The first week since the brutal Hamas attack in Israel ends with growing uncertainties in all areas, and the economy is not the least of them. At the start of the conflict, markets reacted with remarkable calmness, limiting declines in sectors such as tourism and transport. A few years later, a 4% increase in oil prices undermined that confidence and reminded us again that any instability unleashed in the Middle East has a direct impact on crude oil.
At present, the peak to which this price increase may reach is unpredictable. No one can now predict the consequences of an Israeli ground attack on Gaza. It cannot be ruled out that the conflict goes beyond Gaza’s borders and directly involves regional powers, particularly Iran, that have jurisdiction over a route vital for oil traffic through the Strait of Hormuz.
A rise in Brent to around $120 a barrel is possible, with more damaging effects on even higher global inflation levels. But the effects on global GDP will be worrisome. Every $10 increase in the price of black gold has the potential to deduct a tenth of its growth. According to current expectations, the recession is on track to reach 0.3% at a time when the global economy is already set to grow below 3% due to China’s weakness.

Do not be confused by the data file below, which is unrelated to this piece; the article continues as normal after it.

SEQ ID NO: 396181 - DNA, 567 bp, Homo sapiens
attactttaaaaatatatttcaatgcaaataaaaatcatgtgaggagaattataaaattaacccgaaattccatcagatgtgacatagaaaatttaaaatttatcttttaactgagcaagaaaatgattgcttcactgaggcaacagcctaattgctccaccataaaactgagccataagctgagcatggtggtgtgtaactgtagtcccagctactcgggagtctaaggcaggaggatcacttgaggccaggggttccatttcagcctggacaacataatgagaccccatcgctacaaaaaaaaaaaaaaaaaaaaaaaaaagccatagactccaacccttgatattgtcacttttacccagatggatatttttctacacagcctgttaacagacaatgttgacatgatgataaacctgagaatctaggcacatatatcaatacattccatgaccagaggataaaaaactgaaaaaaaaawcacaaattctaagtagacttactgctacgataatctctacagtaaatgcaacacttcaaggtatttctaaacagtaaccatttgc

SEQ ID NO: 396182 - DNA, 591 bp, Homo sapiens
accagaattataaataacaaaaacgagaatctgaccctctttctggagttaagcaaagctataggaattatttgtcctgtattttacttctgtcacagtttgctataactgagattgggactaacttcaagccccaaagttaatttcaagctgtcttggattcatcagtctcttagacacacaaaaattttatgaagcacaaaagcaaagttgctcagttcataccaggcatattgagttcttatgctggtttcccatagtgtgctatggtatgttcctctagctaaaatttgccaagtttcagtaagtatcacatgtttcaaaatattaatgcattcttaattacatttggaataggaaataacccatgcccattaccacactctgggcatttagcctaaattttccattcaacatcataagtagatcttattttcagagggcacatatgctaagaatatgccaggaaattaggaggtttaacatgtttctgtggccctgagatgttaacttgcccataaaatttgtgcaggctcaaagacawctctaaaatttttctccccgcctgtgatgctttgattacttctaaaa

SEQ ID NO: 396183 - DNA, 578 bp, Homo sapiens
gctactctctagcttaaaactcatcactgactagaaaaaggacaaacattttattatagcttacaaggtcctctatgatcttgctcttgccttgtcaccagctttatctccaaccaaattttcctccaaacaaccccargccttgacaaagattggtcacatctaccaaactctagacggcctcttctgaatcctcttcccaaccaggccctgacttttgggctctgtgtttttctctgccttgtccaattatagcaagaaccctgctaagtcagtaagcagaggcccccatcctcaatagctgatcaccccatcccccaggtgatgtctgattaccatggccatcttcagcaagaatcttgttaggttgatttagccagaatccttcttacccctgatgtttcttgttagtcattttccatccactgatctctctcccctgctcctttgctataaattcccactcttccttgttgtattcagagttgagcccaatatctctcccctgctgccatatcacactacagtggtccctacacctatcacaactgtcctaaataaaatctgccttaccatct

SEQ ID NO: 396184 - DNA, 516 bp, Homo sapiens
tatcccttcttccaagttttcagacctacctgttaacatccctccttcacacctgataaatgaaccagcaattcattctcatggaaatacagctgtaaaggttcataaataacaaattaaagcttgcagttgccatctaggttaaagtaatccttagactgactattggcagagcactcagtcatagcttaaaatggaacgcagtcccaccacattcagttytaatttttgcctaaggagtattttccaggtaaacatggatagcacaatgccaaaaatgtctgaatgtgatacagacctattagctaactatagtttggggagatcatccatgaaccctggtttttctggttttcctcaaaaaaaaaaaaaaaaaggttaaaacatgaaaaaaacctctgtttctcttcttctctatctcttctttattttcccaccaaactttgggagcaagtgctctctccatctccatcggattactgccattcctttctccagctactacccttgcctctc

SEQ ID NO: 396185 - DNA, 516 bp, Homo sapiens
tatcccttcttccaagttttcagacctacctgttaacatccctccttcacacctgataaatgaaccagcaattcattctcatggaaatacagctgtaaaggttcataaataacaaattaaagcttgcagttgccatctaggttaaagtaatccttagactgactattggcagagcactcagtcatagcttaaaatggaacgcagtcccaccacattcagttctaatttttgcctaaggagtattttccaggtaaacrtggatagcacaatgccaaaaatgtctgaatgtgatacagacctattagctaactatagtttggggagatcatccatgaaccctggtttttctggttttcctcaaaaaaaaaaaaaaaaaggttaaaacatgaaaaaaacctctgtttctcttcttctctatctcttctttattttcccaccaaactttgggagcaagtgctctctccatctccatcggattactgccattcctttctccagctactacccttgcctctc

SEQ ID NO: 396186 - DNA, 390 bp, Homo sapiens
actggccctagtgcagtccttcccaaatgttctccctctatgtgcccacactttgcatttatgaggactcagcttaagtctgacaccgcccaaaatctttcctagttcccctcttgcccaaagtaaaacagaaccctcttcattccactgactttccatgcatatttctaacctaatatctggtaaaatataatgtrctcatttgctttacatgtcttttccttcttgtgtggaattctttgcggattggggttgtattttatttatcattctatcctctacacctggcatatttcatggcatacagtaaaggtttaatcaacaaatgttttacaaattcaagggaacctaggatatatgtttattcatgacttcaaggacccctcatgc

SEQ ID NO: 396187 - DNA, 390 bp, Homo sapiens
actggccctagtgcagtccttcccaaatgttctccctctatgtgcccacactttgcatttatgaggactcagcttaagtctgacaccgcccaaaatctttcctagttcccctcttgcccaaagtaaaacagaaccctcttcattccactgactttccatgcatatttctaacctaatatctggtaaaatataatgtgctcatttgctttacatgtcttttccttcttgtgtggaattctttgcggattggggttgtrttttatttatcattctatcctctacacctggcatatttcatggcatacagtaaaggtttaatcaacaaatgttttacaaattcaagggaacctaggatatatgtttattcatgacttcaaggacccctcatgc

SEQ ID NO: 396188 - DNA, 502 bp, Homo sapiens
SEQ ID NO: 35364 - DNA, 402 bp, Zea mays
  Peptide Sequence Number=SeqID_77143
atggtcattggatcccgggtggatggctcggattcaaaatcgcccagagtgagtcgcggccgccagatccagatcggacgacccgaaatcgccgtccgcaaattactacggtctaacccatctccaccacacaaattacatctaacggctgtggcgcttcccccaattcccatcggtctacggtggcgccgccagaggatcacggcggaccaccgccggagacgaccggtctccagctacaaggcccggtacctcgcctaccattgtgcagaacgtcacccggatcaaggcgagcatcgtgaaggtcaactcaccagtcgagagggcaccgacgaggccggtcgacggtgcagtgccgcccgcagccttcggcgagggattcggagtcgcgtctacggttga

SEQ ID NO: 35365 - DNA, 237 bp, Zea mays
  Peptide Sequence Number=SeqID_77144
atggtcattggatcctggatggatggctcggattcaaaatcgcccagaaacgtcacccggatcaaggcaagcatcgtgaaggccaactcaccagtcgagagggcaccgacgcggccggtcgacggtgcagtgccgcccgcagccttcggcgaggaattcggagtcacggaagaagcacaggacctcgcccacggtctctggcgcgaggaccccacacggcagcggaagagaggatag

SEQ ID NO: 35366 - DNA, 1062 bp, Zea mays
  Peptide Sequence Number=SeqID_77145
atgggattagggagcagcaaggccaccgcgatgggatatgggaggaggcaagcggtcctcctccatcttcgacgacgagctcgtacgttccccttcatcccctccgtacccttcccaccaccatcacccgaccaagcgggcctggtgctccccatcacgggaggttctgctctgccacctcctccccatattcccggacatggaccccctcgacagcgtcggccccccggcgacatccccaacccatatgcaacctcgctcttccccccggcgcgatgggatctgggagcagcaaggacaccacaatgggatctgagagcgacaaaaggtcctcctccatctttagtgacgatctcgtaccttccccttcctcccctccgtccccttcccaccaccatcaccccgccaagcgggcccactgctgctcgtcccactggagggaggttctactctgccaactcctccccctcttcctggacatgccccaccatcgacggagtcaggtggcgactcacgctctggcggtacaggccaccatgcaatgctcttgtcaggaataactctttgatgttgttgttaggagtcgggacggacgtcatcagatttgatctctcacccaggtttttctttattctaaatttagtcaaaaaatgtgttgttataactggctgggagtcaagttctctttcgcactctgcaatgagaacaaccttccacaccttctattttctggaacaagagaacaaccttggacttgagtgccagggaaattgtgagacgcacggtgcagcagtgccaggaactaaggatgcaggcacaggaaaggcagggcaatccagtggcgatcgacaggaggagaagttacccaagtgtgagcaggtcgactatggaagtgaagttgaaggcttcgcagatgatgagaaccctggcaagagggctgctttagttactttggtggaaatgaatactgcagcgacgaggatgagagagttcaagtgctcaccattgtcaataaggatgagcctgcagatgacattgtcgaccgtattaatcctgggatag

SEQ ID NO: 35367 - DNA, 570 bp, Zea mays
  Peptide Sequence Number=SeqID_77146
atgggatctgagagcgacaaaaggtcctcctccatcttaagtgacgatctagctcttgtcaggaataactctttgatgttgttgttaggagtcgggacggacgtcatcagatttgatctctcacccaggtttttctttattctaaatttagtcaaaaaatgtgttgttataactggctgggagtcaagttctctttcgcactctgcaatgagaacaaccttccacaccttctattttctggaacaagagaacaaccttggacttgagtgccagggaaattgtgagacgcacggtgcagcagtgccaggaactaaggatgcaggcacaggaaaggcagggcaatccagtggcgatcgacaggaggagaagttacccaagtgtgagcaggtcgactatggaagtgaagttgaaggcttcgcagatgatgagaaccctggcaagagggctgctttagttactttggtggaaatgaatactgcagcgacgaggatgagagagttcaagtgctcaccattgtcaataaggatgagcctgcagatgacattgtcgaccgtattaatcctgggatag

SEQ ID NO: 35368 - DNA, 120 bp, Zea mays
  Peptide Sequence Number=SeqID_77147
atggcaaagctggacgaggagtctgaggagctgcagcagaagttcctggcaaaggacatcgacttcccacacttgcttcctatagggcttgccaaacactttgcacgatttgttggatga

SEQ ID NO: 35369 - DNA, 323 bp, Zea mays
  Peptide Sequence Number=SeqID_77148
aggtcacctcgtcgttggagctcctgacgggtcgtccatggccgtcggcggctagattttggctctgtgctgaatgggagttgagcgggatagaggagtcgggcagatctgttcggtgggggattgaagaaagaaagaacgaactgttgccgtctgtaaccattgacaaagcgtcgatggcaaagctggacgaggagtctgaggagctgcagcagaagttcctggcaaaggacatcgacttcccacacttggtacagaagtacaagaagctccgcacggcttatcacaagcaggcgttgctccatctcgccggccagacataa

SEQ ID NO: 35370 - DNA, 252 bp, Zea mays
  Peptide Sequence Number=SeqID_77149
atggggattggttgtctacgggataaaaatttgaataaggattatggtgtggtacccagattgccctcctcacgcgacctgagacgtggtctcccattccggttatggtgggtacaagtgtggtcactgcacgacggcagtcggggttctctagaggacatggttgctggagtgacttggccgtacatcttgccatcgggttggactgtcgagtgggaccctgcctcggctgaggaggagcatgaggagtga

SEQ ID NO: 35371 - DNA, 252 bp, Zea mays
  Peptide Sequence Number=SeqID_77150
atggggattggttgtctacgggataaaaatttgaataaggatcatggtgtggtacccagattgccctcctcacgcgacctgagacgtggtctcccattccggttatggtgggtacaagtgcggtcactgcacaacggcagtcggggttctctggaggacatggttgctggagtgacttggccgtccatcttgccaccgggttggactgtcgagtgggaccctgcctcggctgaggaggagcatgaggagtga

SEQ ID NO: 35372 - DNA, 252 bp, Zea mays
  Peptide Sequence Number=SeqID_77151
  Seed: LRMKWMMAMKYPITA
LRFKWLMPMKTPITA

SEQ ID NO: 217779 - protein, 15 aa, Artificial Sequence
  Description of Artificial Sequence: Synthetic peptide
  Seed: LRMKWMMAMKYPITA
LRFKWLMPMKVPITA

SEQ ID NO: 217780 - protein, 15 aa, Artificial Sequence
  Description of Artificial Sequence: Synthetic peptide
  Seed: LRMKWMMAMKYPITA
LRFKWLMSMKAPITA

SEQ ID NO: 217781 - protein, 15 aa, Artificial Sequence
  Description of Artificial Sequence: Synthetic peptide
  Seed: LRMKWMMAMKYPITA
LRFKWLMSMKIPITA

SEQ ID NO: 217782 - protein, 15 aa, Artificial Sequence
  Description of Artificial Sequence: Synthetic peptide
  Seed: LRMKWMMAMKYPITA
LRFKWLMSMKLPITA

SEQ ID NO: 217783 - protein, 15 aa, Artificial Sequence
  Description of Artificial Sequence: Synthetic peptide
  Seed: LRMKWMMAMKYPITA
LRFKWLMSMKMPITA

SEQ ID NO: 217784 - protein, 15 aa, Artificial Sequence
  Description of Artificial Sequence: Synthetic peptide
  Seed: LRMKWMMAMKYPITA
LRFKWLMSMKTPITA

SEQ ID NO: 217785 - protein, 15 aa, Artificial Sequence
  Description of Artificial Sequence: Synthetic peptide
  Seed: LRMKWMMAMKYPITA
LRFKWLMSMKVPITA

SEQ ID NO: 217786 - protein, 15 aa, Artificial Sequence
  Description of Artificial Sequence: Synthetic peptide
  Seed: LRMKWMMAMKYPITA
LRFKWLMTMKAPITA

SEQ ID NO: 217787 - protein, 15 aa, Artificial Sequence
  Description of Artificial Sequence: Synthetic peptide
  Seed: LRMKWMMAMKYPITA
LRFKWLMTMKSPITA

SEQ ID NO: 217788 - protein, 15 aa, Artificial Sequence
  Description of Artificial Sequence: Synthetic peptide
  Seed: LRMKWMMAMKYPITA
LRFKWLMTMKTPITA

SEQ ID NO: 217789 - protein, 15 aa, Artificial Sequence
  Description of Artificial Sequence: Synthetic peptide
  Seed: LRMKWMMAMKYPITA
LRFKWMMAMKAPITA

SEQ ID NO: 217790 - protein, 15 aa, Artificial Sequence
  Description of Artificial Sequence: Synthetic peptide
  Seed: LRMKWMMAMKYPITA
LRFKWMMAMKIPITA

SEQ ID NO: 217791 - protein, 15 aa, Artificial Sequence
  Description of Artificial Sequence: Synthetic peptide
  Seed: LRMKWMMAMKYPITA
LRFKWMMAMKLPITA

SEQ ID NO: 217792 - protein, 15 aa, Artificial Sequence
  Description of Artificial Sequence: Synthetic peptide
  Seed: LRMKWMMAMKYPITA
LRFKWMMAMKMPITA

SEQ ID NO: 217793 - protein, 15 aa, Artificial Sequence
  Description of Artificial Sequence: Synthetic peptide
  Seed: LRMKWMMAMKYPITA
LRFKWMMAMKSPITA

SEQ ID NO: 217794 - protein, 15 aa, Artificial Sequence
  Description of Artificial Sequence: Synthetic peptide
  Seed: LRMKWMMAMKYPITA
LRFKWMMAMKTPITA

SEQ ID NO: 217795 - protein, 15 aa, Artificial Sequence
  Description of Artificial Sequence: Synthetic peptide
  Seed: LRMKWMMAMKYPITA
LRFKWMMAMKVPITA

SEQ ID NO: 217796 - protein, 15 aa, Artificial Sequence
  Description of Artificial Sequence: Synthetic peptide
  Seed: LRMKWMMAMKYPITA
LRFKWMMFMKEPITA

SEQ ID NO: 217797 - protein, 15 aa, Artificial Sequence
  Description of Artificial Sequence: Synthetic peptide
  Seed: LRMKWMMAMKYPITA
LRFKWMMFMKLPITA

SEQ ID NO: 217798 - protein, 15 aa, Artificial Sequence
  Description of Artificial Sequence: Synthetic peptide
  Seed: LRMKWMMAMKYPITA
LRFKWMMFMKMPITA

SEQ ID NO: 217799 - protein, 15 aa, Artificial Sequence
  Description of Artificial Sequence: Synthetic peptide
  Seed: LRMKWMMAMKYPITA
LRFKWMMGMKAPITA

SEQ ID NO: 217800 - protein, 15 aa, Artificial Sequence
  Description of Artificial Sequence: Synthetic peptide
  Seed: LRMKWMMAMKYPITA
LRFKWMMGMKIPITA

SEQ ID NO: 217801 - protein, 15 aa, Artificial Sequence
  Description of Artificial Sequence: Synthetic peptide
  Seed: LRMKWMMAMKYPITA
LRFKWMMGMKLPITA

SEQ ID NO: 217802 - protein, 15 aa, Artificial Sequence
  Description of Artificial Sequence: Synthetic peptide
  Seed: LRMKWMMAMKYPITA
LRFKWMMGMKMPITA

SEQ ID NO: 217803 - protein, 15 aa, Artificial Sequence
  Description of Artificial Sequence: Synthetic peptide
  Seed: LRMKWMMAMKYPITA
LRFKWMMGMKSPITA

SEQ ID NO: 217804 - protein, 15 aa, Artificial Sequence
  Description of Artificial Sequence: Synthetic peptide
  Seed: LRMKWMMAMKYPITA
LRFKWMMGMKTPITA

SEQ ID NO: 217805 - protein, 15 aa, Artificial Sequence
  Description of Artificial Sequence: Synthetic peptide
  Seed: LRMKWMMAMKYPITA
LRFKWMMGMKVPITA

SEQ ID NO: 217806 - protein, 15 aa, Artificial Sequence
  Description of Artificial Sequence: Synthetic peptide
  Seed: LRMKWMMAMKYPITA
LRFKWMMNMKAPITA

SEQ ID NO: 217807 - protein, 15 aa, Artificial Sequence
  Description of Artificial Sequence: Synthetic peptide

In Spain, even the possibility of a 1.5% advance in 2024 should be isolated, facing a crisis that threatens the economy with greater risks than the recent conflicts of the war in Ukraine.